And then magnesium chloride is another form that is used topically as a spray or an oil, which was also one of the questions that I received on Instagram about how well the topicals work and I will get to that in a second. So really what I want you to understand here is that there are different types of magnesium that could have different absorption rates. time and may be better suited for specific health conditions. It’s always best to consult your provider before starting something new, and to figure out the best dosage for your needs.

Dr. Heather Finley  10:12

So now I want to talk specifically about how magnesium can improve digestive health. One of the main ways in which magnesium can improve digestive health is by regulating the muscles of the digestive tract. And this can help move food and waste through the gut to prevent constipation. So this can help reduce symptoms if you have IBS type symptoms such as bloating, cramping, diarrhea, magnesium can be really helpful for this. Magnesium also can support gut health by promoting the growth of healthy gut bacteria and reducing inflammation. If you have excess levels of inflammation in the gut, this can damage the gut lining and lead to tons of digestive issues. Overall, we want to reduce inflammation in the gut. And magnesium can certainly help do that I mentioned earlier but magnesium can also help regulate stomach acid levels, which can potentially reduce some of the symptoms of acid reflux or heartburn that you might be experiencing. And so if you do have heartburn related issues, one of our Go twos is using magnesium to help relax that lower esophageal sphincter will often use magnesium for that specifically, and we find that it helps with the gastric emptying. And it also helps with some of the acid reflux symptoms that can come along with this. In addition to this, as I mentioned earlier with magnesium glycinate, magnesium can reduce stress and help with relaxation. And we know from working now with over 1000 clients in the gut Together program. Stress is the number one trigger for digestive issues. And it can exacerbate any type of IBS related symptoms, whether you have constipation or diarrhea, or SIBO, or whatever it is, stress is the number one culprit that we see. And as I mentioned earlier, magnesium is the stress mineral. So you need magnesium when you’re stressed. And when you have digestive issues, you automatically have more stress on your body because your body is fighting hard to get rid of those issues. So we want to promote relaxation, and we want to help reduce stress levels in order to improve digestive health. So if you aren’t convinced already having magnesium is a crucial mineral for digestive health and can really improve a range of digestive issues. I want to talk about some ways in which you can incorporate magnesium for better digestive health. You don’t just have to use supplements. One of the easiest ways that you can increase your magnesium intake is through your diet. And this is something that we encourage our clients to do. There’s definitely a time and a place for supplementation. But for the long term, you want to make sure that you’re including these magnesium rich foods into your diet to help prevent symptoms down the road.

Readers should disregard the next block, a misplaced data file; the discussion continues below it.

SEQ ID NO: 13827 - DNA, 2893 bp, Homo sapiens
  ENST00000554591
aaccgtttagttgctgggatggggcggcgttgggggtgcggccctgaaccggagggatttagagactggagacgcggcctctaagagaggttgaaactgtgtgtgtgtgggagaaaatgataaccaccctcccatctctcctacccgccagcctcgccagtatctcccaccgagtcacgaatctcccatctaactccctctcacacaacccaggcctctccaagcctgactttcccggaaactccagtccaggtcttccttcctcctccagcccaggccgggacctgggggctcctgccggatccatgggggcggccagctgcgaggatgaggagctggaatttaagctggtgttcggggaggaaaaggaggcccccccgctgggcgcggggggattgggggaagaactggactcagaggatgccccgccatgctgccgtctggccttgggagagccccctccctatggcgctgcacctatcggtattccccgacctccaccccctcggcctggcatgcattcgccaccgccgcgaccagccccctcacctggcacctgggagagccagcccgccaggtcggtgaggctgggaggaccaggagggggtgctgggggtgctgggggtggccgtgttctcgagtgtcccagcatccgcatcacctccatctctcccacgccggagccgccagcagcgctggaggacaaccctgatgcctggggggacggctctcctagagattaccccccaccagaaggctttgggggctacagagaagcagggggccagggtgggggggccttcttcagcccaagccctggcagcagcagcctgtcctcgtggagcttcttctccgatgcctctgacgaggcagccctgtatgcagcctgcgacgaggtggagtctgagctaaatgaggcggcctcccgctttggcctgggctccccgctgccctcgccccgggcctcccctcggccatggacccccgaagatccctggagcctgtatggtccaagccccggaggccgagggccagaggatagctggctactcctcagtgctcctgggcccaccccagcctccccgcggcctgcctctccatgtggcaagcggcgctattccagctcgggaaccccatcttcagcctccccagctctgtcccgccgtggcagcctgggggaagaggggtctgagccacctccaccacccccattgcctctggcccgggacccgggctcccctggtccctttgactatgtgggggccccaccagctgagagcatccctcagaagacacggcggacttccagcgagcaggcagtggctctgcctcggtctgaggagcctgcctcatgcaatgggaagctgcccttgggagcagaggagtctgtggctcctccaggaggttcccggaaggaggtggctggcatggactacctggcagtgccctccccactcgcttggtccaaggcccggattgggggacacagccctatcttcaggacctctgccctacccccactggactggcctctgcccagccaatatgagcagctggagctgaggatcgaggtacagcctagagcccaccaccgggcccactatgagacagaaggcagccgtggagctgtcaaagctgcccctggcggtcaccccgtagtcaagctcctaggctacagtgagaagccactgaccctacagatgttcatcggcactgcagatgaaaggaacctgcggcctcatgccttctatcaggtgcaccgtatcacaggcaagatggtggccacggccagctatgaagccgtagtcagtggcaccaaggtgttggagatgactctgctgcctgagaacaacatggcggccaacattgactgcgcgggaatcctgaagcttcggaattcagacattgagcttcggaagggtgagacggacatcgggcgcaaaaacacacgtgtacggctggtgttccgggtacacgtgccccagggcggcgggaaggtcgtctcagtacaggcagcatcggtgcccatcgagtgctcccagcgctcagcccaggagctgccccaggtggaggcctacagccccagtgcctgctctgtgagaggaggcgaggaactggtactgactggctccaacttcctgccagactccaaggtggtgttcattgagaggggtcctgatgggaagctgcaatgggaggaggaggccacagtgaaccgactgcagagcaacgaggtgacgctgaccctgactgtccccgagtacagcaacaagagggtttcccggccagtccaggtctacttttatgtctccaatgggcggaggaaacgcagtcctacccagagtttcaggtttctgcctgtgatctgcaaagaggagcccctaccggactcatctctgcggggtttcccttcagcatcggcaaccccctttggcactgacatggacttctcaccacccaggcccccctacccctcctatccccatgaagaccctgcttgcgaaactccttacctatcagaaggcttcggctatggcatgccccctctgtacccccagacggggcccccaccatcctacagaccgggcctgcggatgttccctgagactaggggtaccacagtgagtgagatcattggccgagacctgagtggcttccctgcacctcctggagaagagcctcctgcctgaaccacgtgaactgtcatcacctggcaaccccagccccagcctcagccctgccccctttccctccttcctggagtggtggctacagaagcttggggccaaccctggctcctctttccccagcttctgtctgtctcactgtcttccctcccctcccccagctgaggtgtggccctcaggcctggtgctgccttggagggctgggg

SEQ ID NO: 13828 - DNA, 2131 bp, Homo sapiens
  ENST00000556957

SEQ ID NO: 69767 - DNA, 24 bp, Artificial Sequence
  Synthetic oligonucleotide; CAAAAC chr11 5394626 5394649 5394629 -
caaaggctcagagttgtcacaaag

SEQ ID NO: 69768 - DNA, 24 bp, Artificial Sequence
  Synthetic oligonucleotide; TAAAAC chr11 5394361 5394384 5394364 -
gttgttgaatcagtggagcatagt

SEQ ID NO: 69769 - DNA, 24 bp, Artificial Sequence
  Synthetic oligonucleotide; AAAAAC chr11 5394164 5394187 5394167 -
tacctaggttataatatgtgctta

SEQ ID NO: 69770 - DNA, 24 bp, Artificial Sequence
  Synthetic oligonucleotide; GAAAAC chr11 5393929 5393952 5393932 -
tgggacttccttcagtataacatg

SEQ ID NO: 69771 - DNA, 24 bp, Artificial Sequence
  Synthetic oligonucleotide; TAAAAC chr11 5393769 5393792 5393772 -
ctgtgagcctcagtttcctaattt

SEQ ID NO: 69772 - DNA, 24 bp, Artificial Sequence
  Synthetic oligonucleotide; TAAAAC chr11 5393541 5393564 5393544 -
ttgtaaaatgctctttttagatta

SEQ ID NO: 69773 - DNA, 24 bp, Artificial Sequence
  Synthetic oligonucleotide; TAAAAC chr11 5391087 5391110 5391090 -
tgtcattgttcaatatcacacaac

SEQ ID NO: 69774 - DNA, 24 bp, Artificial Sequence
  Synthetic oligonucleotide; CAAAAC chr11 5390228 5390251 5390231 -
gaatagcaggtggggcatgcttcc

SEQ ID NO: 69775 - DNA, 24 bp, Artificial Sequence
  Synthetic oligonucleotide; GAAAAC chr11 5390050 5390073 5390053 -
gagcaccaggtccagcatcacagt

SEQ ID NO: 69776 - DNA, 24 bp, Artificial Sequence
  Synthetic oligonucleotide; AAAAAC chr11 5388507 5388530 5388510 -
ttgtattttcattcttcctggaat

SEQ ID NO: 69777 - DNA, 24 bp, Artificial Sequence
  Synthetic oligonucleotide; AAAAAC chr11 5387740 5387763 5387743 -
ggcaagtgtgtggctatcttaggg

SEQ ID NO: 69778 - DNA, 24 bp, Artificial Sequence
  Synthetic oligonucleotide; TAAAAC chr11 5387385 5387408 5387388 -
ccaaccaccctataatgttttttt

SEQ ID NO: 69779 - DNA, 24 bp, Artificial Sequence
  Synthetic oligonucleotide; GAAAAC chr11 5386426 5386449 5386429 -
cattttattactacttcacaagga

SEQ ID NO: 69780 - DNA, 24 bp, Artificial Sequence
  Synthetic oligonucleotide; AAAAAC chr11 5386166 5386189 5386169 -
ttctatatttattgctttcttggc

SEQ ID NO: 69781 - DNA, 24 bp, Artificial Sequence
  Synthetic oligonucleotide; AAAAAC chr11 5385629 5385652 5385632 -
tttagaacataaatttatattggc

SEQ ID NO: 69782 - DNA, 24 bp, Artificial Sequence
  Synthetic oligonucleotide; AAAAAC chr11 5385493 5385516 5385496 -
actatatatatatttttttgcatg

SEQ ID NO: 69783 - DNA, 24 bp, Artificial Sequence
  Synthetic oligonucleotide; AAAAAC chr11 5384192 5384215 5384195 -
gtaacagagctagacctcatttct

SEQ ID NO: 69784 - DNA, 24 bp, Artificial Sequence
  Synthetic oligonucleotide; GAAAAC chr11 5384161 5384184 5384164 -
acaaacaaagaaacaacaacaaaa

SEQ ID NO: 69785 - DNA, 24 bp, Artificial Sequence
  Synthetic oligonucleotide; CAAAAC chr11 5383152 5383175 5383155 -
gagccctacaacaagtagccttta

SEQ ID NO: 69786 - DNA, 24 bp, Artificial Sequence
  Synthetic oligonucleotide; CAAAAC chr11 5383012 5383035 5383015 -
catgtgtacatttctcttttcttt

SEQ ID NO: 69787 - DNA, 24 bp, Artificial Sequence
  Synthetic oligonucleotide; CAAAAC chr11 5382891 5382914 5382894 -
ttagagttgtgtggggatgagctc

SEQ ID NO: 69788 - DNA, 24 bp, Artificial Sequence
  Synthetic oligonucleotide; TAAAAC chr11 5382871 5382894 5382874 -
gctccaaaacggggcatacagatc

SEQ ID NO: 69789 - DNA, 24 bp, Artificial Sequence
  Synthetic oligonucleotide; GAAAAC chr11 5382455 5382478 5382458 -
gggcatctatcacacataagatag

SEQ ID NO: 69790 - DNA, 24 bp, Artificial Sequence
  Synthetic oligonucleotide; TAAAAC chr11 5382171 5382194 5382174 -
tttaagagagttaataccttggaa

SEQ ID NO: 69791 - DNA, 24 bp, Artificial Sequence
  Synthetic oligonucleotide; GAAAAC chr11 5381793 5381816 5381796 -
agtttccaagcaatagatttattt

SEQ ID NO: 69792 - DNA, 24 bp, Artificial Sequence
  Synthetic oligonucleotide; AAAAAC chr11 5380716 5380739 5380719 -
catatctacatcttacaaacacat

Dr. Heather Finley  13:12